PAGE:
Issues in Human Resource Strategies That Improve Organizational Performance

2267 Words Jul 11th, 2008 10 Pages
A rapidly changing economic environment, characterized by such phenomena as the globalization, and deregulation of markets, changing customer and investor demands, and ever increasing product market competition, has become the norm for most organization. To compete, they must continually improve their performance by reducing costs; innovating products and processes; improving quality, productivity, and speed to market; and more importantly by improving their individual performance within the organization. In order to do this, a set of distinctive human resource strategies, defined as internally consistent bundles of human resource practices (Dyer & Reeves, 1995), is clearly essential. Sparrow and Marchington (1998) suggested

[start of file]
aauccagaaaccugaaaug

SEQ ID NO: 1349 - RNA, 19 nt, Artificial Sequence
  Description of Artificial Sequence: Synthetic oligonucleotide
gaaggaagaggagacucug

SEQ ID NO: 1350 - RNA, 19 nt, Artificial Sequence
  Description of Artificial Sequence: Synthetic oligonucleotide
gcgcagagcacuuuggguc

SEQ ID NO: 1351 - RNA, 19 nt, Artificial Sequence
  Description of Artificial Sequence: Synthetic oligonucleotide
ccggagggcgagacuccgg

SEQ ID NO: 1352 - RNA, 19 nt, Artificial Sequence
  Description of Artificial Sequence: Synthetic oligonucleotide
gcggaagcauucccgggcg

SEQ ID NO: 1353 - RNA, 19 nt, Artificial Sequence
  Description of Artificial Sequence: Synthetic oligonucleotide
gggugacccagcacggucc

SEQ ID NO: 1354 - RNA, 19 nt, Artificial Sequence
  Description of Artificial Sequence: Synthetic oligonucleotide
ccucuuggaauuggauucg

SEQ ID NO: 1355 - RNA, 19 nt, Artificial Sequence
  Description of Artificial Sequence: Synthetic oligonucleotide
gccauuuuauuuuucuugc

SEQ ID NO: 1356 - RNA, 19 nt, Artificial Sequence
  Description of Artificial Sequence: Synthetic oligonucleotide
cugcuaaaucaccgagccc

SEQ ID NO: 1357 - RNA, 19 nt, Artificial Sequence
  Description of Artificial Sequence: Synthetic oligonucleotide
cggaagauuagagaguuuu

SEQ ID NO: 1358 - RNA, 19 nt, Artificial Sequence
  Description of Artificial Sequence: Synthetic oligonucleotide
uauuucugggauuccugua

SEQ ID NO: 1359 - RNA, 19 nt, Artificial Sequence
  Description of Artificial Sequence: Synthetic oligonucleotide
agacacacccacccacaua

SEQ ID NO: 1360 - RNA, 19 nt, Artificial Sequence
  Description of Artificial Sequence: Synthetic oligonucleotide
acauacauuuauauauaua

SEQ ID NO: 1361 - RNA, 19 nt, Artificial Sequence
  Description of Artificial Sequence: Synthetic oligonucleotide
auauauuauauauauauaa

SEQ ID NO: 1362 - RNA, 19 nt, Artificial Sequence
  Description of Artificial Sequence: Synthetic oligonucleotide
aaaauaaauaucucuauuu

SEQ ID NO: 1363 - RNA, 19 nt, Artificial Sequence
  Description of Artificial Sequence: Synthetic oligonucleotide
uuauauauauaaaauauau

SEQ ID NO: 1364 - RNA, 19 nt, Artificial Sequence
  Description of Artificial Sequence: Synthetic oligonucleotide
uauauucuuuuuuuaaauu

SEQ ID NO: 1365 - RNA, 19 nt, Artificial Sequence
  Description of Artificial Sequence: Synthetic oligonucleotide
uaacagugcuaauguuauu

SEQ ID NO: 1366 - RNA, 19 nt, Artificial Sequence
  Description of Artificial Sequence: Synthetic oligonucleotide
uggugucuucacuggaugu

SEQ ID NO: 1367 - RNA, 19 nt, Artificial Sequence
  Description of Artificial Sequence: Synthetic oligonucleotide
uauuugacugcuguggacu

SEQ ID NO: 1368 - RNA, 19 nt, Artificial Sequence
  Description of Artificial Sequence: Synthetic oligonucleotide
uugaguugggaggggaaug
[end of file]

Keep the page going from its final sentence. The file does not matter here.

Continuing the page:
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The impact of HR practices on firm performance is without a doubt an important topic in the fields of human resource management, industrial relations, and industrial and organizational psychology (Huselid, 1995; Jones & Wright, 1992).This literature, although largely conceptual, concludes that HR practices can help to create a source of sustained competitive advantage, especially when they are aligned with a firm’s competitive strategy (Jackson & Schuler, 1995; Wright & McMahan, 1992, both as cited in Huselid, 1995). Specifically, a large majority of published studies found an association between HR practices and firm performance, regardless of whether they are cross-sectional or longitudinal, whether conducted at establishment or company level, whether based on strong performance data or subjective estimates, whatever sector they are based on, whatever operational definition of HRM is used, and wherever they are conducted (Guest et al., 2003). Nevertheless, despite the positive thrust of most empirical findings, Wood and de Menezes (1998, as cited in Guest et al., 2003) failed to find consistent associations between HRM and performance. Furthermore, Wood (1999) has also argued that the relationship between HRM and performance is relatively weak. One possible explanation lies in the various contingency factors, other than HR activities, that might contribute to organizational performance such as organizational culture (Kotter & Heskett, 1992; Van

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